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JUNE 2017


On May 22, 2017, the Supreme Court issued its decision in TC Heartland LLC v. Kraft Food Group Brands LLC.  The case involved an interpretation of the venue provision for patent infringement lawsuits, 28 U.S.C. Section 1400(b).  The statute provides that patent infringement lawsuits “may be brought in the judicial district where the defendant resides, or where the defendant has committed acts of infringement and has a regular and established place of business.”  In 1957, in Fourco Glass Co. v. Transmirra Products Corp., the Supreme Court held that, for purposes of Section 1400(b), a domestic corporation resides only in its state of incorporation.  At issue in TC Heartland was whether amendments to the general venue statute, 28 U.S.C. Section 1391, necessitated a change in the Fourco decision, which several lower courts had endorsed.  Ultimately, the court decided that no change was needed and affirmed its earlier decision in Fourco.


Commentators discussing TC Heartland believe that it will limit the ability of so-called “patent trolls” to bring patent infringement lawsuits in what they perceive to be favorable venues instead of the defendant’s state of incorporation.

MAY 2017

Lost Profit Calculations in Patent Cases Clarified In Recent Federal Circuit Decision


In March 2017, The Federal Circuit issued its decision in Mentor Graphics Corp. v. EVE-USA, Inc. 851 F.3d 1275 (Fed. Cir. 2017). This decision provides some needed guidance on how lost profits are calculated in patent cases, an area where there had been conflicting decisions in the district courts. The underlying dispute concerns a patent for a feature of an emulator, a machine that tests for bugs in computer chips.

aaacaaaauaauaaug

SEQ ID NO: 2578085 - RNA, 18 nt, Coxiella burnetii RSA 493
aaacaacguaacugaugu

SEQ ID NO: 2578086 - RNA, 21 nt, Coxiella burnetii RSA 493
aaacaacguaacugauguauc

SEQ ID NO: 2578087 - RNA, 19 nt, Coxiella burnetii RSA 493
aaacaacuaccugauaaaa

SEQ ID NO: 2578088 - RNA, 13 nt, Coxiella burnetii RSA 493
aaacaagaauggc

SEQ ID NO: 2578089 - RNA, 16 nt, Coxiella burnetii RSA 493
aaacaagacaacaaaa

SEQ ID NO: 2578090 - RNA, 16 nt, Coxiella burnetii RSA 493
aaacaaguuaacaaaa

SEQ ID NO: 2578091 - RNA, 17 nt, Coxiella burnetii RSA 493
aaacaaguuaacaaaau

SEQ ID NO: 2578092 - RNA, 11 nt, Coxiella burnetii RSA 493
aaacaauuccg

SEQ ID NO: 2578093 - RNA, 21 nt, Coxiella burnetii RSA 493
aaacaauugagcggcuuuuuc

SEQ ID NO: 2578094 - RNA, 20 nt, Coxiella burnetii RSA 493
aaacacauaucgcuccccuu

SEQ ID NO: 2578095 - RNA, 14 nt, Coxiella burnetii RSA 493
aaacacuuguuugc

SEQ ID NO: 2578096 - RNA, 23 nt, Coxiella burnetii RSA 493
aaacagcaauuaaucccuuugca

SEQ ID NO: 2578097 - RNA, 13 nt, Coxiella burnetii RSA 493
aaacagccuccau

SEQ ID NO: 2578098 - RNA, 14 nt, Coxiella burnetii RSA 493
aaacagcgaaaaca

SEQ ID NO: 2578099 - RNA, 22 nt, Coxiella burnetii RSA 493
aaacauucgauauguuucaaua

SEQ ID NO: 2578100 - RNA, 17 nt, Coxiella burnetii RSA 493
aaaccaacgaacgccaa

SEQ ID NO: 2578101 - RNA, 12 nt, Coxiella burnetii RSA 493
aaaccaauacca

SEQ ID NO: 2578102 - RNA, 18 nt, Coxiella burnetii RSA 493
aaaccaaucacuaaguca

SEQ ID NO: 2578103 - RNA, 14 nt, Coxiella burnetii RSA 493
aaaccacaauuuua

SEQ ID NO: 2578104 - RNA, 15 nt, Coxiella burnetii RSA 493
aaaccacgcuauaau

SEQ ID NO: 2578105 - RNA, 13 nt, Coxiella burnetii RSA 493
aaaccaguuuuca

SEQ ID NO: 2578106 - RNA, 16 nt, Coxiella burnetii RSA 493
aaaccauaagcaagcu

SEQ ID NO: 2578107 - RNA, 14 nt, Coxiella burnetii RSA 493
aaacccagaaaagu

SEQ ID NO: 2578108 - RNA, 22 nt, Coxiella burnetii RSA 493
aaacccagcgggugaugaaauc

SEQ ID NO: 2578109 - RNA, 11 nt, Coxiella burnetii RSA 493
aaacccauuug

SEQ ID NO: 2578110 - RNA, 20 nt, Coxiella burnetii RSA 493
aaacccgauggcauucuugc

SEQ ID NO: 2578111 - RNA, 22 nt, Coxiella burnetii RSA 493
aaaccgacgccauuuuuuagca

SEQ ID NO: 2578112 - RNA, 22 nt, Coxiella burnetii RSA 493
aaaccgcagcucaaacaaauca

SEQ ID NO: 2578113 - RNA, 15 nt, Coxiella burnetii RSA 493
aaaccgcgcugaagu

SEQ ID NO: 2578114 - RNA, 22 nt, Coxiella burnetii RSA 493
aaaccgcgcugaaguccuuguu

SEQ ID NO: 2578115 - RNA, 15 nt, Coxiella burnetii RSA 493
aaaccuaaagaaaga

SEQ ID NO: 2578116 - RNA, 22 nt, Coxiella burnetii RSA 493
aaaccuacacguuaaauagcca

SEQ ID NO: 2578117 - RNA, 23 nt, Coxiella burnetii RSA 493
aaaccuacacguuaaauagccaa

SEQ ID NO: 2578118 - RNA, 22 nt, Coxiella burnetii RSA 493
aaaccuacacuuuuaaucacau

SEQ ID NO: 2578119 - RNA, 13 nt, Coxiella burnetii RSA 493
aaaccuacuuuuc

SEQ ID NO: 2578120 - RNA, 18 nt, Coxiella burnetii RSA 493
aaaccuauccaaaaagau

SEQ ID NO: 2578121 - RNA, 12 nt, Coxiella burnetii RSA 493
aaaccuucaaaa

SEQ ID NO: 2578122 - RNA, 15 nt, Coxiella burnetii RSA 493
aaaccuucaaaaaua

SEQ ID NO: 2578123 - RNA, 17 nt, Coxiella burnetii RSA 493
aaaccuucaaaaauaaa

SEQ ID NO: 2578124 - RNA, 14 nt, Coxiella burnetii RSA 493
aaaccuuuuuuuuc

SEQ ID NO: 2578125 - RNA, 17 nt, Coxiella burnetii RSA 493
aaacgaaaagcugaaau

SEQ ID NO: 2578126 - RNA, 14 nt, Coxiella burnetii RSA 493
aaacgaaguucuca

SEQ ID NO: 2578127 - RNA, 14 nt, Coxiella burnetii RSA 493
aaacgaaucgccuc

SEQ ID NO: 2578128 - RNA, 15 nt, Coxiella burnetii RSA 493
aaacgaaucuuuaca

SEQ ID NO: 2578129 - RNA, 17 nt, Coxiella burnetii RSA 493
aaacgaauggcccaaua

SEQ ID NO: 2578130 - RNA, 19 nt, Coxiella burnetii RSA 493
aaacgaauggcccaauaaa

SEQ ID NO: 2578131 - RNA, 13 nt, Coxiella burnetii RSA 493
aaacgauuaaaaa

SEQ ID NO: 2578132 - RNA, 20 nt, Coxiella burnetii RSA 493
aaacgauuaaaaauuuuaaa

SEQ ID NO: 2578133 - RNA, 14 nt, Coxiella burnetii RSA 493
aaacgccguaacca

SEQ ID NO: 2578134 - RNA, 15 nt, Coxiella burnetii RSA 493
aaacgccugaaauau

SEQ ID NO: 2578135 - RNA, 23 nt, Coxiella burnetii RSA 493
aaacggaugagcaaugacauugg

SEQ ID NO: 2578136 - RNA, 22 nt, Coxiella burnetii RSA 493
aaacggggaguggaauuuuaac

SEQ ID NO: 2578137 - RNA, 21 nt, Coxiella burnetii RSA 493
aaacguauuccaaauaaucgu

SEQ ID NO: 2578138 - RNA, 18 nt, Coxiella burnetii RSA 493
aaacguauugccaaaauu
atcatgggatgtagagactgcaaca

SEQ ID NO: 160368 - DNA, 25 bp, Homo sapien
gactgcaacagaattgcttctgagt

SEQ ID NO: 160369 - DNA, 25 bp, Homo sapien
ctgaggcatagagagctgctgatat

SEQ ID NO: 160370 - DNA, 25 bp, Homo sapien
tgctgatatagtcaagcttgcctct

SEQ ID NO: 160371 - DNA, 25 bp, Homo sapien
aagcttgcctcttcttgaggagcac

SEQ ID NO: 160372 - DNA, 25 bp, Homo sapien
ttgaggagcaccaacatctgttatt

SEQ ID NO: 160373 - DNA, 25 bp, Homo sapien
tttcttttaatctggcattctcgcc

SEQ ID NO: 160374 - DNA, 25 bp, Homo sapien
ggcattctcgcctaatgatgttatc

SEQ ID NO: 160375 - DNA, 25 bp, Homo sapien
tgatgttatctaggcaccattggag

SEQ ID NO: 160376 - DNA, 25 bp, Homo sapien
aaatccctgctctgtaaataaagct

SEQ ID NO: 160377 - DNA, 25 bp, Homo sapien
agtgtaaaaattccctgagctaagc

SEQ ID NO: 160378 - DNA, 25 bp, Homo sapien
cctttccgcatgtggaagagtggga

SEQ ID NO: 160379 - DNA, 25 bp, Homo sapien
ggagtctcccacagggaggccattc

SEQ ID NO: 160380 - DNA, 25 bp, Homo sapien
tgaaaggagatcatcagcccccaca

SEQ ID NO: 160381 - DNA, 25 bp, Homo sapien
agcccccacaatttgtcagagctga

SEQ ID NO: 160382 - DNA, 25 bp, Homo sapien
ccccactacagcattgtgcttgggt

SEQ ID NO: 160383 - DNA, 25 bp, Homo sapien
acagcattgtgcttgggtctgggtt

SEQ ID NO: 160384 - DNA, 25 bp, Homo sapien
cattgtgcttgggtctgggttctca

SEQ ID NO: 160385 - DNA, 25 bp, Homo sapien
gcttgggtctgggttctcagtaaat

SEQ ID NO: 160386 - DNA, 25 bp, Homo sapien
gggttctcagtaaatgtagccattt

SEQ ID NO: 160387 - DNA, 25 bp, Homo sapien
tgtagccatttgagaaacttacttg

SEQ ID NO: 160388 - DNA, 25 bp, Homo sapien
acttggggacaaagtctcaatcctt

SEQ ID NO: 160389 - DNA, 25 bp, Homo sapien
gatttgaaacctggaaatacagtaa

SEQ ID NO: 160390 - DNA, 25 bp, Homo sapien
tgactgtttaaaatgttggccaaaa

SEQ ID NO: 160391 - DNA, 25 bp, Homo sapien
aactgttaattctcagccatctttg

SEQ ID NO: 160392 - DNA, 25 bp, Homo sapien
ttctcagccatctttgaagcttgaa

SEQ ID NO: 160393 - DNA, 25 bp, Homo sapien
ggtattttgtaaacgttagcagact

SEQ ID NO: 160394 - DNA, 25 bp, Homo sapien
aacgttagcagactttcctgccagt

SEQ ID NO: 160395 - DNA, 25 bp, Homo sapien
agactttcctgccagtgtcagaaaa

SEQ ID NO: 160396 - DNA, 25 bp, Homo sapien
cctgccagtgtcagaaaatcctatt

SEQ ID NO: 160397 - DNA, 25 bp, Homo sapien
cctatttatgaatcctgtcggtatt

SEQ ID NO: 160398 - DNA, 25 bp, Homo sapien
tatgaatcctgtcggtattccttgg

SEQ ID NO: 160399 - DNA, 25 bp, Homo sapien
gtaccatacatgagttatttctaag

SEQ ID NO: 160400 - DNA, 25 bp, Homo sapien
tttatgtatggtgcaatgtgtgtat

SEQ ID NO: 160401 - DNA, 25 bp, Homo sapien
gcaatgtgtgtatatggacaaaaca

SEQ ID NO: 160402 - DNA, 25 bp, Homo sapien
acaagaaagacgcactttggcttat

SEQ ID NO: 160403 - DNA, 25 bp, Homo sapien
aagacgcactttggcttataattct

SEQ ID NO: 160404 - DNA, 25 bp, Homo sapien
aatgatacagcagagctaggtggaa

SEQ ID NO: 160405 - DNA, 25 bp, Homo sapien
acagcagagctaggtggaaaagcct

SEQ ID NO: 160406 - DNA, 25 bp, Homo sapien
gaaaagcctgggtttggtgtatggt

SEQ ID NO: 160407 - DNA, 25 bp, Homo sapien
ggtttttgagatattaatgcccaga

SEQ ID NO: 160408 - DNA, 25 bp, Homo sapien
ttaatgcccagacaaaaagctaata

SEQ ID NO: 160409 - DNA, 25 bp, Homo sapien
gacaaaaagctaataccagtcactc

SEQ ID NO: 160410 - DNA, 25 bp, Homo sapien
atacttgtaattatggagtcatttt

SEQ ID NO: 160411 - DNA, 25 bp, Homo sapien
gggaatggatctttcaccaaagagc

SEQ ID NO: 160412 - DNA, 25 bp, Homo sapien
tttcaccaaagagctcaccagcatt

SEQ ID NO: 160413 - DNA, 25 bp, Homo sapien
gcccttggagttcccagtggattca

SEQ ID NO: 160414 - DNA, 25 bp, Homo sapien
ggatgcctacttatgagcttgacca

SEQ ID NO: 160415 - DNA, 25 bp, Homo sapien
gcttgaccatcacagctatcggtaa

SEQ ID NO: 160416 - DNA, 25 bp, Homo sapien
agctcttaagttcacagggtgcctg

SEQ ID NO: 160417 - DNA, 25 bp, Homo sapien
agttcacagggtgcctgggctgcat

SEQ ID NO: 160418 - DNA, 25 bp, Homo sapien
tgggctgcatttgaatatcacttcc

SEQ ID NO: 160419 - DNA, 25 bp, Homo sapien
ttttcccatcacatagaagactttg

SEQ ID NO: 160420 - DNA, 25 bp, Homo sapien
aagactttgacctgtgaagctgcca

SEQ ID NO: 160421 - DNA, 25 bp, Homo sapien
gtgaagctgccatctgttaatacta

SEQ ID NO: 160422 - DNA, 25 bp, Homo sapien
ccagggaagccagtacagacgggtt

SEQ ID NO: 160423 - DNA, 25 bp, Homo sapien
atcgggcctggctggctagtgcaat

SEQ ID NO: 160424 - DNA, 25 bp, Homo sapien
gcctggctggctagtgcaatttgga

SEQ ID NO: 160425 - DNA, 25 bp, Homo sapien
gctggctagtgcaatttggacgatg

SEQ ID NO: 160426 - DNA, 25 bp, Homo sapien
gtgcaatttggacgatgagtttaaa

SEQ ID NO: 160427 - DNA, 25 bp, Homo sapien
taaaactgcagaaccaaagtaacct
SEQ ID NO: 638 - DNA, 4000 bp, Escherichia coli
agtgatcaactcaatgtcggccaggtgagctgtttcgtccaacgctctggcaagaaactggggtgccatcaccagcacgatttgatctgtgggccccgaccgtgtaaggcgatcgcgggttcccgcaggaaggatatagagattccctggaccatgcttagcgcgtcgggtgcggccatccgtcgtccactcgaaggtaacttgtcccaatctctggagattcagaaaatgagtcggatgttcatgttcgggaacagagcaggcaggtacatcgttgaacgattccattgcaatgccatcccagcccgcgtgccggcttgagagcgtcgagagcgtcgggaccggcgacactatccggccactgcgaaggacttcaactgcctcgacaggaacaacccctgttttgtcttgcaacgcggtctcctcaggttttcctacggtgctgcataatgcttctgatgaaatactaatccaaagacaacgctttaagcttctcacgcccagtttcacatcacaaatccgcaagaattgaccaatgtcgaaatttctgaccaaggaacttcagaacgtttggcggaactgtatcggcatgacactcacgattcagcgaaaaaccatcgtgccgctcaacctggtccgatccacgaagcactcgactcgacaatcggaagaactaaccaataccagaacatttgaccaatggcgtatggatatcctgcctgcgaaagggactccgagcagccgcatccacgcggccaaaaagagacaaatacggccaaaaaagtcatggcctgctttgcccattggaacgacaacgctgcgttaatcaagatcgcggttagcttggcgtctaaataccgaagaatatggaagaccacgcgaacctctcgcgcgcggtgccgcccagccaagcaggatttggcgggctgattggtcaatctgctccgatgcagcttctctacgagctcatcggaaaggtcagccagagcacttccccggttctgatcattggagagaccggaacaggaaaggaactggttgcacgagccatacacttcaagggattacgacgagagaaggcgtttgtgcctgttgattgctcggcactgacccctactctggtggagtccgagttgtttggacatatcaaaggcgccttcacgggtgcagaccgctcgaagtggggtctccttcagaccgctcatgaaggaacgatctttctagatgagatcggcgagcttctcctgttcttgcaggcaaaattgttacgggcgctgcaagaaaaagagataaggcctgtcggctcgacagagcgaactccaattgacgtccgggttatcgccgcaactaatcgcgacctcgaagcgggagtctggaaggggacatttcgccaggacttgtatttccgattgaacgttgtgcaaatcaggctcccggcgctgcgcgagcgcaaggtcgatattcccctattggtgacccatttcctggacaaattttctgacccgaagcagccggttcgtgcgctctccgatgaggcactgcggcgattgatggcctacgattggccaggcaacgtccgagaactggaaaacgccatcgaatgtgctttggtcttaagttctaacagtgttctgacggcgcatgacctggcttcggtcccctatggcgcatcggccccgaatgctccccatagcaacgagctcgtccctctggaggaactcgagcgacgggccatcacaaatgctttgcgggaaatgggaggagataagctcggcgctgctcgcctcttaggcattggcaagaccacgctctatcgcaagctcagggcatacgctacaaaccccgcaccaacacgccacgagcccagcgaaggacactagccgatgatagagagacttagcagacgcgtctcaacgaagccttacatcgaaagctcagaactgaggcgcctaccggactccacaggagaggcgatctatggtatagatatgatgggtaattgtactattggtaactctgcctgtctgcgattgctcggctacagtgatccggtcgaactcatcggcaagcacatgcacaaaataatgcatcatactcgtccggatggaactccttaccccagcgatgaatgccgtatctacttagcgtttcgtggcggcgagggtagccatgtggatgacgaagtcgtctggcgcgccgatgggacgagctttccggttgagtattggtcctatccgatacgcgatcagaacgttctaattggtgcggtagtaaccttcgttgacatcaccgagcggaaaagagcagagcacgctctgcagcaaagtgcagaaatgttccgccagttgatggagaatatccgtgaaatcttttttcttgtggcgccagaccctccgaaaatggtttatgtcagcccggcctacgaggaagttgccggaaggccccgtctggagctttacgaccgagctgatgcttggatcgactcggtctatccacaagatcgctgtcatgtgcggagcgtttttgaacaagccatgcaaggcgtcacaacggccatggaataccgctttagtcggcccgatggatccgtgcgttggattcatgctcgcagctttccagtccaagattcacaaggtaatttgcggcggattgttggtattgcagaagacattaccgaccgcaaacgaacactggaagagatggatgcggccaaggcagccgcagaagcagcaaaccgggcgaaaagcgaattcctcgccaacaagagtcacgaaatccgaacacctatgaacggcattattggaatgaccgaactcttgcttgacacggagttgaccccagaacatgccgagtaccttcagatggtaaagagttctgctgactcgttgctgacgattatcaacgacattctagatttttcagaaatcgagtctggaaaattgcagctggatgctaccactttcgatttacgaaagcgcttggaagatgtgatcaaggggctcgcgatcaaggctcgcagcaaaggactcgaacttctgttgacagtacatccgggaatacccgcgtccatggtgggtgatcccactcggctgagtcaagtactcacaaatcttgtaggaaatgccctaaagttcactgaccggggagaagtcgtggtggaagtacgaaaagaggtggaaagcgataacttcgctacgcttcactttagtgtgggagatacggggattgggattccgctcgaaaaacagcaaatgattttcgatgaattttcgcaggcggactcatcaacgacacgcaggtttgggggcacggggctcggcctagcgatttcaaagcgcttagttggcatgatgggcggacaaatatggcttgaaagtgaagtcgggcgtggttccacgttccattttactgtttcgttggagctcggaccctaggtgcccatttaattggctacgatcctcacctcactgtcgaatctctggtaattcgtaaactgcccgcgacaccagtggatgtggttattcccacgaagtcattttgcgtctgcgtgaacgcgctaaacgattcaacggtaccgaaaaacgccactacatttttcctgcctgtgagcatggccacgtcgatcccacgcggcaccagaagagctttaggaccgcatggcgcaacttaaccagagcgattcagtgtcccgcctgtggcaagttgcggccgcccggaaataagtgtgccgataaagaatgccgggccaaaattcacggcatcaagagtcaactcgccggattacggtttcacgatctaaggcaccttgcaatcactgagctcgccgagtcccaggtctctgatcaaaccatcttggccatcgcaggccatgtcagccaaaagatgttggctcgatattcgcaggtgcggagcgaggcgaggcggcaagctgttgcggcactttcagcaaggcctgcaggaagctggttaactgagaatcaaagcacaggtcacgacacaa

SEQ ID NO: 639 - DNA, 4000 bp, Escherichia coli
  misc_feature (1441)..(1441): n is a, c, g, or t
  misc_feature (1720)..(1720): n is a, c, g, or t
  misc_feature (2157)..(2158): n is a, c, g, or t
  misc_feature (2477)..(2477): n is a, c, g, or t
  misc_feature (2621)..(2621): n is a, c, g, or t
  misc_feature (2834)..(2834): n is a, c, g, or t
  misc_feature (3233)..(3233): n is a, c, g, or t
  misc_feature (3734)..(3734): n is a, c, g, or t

This was a complex case with a long history. In the district court, the jury found that the defendant had infringed on two features of the plaintiff’s patent and awarded the plaintiff $36 million. On appeal, the defendant argued that the $36 million damage award was improper as it should have reflected an apportionment analysis that factored in non-infringing features for product sales. In other words, defendant argued that plaintiff was not entitled to the lost sales, but only the value attributable to plaintiff’s features of the emulator. The Federal Circuit disagreed and held that once the four Panduit test factors are met,[1] apportionment is taken into consideration as lost profits are tied to “specific claim limitations and ensure that damages are commensurate with the value of the patented features.” 851 F.3d at 1288. Thus it upheld the jury damages award. 


The defendant has sought a rehearing before the full panel. Stay tuned.

[1] A patentee is entitled to lost profits if it can establish (1) a demand for the patented product; (2) absence of acceptable non-infringing alternatives; (3) manufacturing and marketing capability to exploit the demand; and (4) the amount of profit it would have made. Panduit Corp. v. Stahlin Bros. Fibre Works, 575 F.2d 1152, 1156 (6th Cir. 1978)


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